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New data today illustrates how complex pension rules imposed by the previous Chancellor, George Osborne, in the 2015 budget are impacting the armed forces alongside judges and the NHS.
A freedom of information request from Quilter shows that 3,840 members of the armed forces pension scheme breached their annual tax-free pensions savings limit in 2017/2018.
This represents a fourfold increase on the 1,010 personnel who breached the allowance in 2015-16. The number of breaches peaked at 3,920 in 2016-17.
It adds to the growing case against the government’s controversial pension annual allowance taper, which has already created resource strain in key services such as the NHS, where senior clinicians are facing huge tax bills due to the policy.
The annual allowance affects individuals saving into a pension and restricts the amount they can save in any given year before facing a tax charge. The annual limit was in excess of £250,000 as recently as 2010/11. But it has since been cut dramatically and now stands at just £40,000. Contributions in excess of the annual allowance are subject to a tax charge, which is borne by the individual or paid for under a ‘scheme pays’ arrangement, which leads to a reduction in pension benefits.
For higher earners an additional ‘taper’ brings the allowance down further. Introduced in 2016, the policy sees savers lose £1 from the annual allowance for every £2 of remuneration over £150,000, with complex rules involved in calculating the ‘threshold’ and ‘adjusted’ income to determine who is subject to the taper. It reduces down to just £10,000 for individuals with total earnings of £210,000 or more.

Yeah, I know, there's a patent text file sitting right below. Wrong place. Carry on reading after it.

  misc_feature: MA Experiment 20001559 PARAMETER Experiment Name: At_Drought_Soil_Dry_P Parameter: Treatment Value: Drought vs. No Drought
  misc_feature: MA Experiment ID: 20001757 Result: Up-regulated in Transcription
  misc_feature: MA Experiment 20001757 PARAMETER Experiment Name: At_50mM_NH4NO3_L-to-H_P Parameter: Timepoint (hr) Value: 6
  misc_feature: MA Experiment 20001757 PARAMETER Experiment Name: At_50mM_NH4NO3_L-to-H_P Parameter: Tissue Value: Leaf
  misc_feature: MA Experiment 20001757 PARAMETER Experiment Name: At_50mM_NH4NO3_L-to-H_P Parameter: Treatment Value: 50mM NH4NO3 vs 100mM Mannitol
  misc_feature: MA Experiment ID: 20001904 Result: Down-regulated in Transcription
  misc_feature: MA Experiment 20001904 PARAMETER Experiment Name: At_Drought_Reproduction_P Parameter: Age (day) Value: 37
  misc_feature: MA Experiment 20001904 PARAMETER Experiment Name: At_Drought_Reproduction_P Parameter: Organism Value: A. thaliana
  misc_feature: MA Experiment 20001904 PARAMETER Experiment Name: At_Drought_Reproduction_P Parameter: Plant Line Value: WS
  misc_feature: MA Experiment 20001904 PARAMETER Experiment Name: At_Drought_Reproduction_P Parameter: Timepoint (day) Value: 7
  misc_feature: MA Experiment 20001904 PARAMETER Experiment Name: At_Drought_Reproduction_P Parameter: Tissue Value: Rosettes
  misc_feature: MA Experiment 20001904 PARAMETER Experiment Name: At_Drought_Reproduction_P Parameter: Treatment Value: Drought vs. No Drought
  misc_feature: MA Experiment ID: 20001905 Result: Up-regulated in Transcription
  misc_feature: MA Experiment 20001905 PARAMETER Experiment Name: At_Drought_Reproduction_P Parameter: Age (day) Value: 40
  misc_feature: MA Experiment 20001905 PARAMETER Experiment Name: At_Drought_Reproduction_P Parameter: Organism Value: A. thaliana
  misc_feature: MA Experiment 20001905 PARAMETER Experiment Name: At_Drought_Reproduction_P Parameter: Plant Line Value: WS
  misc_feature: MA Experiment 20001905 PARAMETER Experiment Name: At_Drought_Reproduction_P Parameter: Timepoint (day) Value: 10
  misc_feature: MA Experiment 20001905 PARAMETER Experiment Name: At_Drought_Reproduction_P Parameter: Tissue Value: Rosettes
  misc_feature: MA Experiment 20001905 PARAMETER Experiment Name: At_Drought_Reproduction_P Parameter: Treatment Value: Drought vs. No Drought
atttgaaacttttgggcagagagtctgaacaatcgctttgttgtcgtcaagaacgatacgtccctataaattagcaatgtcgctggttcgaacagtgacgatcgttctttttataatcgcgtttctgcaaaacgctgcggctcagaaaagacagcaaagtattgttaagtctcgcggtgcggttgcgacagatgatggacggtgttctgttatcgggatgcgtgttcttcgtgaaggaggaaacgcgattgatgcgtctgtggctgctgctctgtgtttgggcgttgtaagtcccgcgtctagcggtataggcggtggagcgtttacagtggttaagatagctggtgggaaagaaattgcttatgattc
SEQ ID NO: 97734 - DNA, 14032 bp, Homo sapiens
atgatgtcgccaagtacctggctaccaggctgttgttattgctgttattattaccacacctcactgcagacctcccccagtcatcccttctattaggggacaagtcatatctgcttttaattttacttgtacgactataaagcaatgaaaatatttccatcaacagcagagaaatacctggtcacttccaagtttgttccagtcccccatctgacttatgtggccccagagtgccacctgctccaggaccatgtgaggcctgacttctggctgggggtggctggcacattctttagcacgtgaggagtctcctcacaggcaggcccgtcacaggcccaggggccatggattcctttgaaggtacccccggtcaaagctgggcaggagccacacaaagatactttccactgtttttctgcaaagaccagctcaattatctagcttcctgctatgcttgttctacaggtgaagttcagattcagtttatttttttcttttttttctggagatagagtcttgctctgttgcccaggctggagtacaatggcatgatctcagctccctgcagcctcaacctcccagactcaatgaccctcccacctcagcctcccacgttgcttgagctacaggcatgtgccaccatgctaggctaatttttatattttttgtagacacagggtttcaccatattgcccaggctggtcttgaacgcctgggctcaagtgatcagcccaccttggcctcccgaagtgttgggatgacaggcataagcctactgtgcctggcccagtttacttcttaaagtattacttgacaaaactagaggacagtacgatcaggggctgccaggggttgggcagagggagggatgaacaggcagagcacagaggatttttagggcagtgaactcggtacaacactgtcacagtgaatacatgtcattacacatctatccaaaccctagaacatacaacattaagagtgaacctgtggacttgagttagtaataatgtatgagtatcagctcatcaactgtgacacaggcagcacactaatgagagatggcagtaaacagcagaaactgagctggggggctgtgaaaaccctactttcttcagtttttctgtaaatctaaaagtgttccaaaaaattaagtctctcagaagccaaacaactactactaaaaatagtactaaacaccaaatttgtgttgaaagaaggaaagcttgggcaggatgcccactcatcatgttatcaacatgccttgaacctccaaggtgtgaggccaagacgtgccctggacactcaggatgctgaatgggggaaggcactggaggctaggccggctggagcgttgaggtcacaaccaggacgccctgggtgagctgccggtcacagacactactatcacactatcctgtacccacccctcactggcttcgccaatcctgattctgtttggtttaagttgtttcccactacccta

Certain public sector workers in defined benefit (DB) pensions are particularly vulnerable. This is due to the way benefits accrued under a DB pension are calculated, and means a worker can easily see their pension accrual docked under an annual allowance tax charge.
Further to this the scheme gives members a chance to apply for a ‘scheme pays’ option. However, it was only used by around 10% of those in the armed forces pension scheme exceeding the tapered allowance last year, potentially indicating that it offers little protection against members hit by a tax charge and that more needs to be done to promote it.
The new data from the armed forces pension shows how the issue is impacting multiple public sector employers and staff. As well as the widely publicised impact on the NHS, a previous freedom of information request from Quilter shows that around 25% of judges breached the annual allowance on pension contributions in 2017/2018.
Quilter financial planner David Gibb says:
“What started as rumours of senior doctors declining extra shifts due to relatively obscure pension tax rules has now spiralled into a staffing crisis across public sector employers including the NHS, the judiciary and now the armed forces.
“It has led to a situation where key public services professionals are put in a position where they prefer to decline overtime, reduce their hours or consider early retirement.
“This is all down to the unintended consequences of a poorly thought through tax reform designed to reduce government expenditure on pension tax relief for higher earners. What policymakers failed to recognise was the disastrous knock-on effect this would have on public sector pension schemes in particular, where the nature of pension entitlement calculations means that employees can face punitive tax bills running into the thousands.
“Government ministers seem determined to try and keep the tapered annual allowance in place and create workarounds in public sector schemes. This is the wrong approach and the Treasury should scrap the taper altogether as a matter of urgency.”
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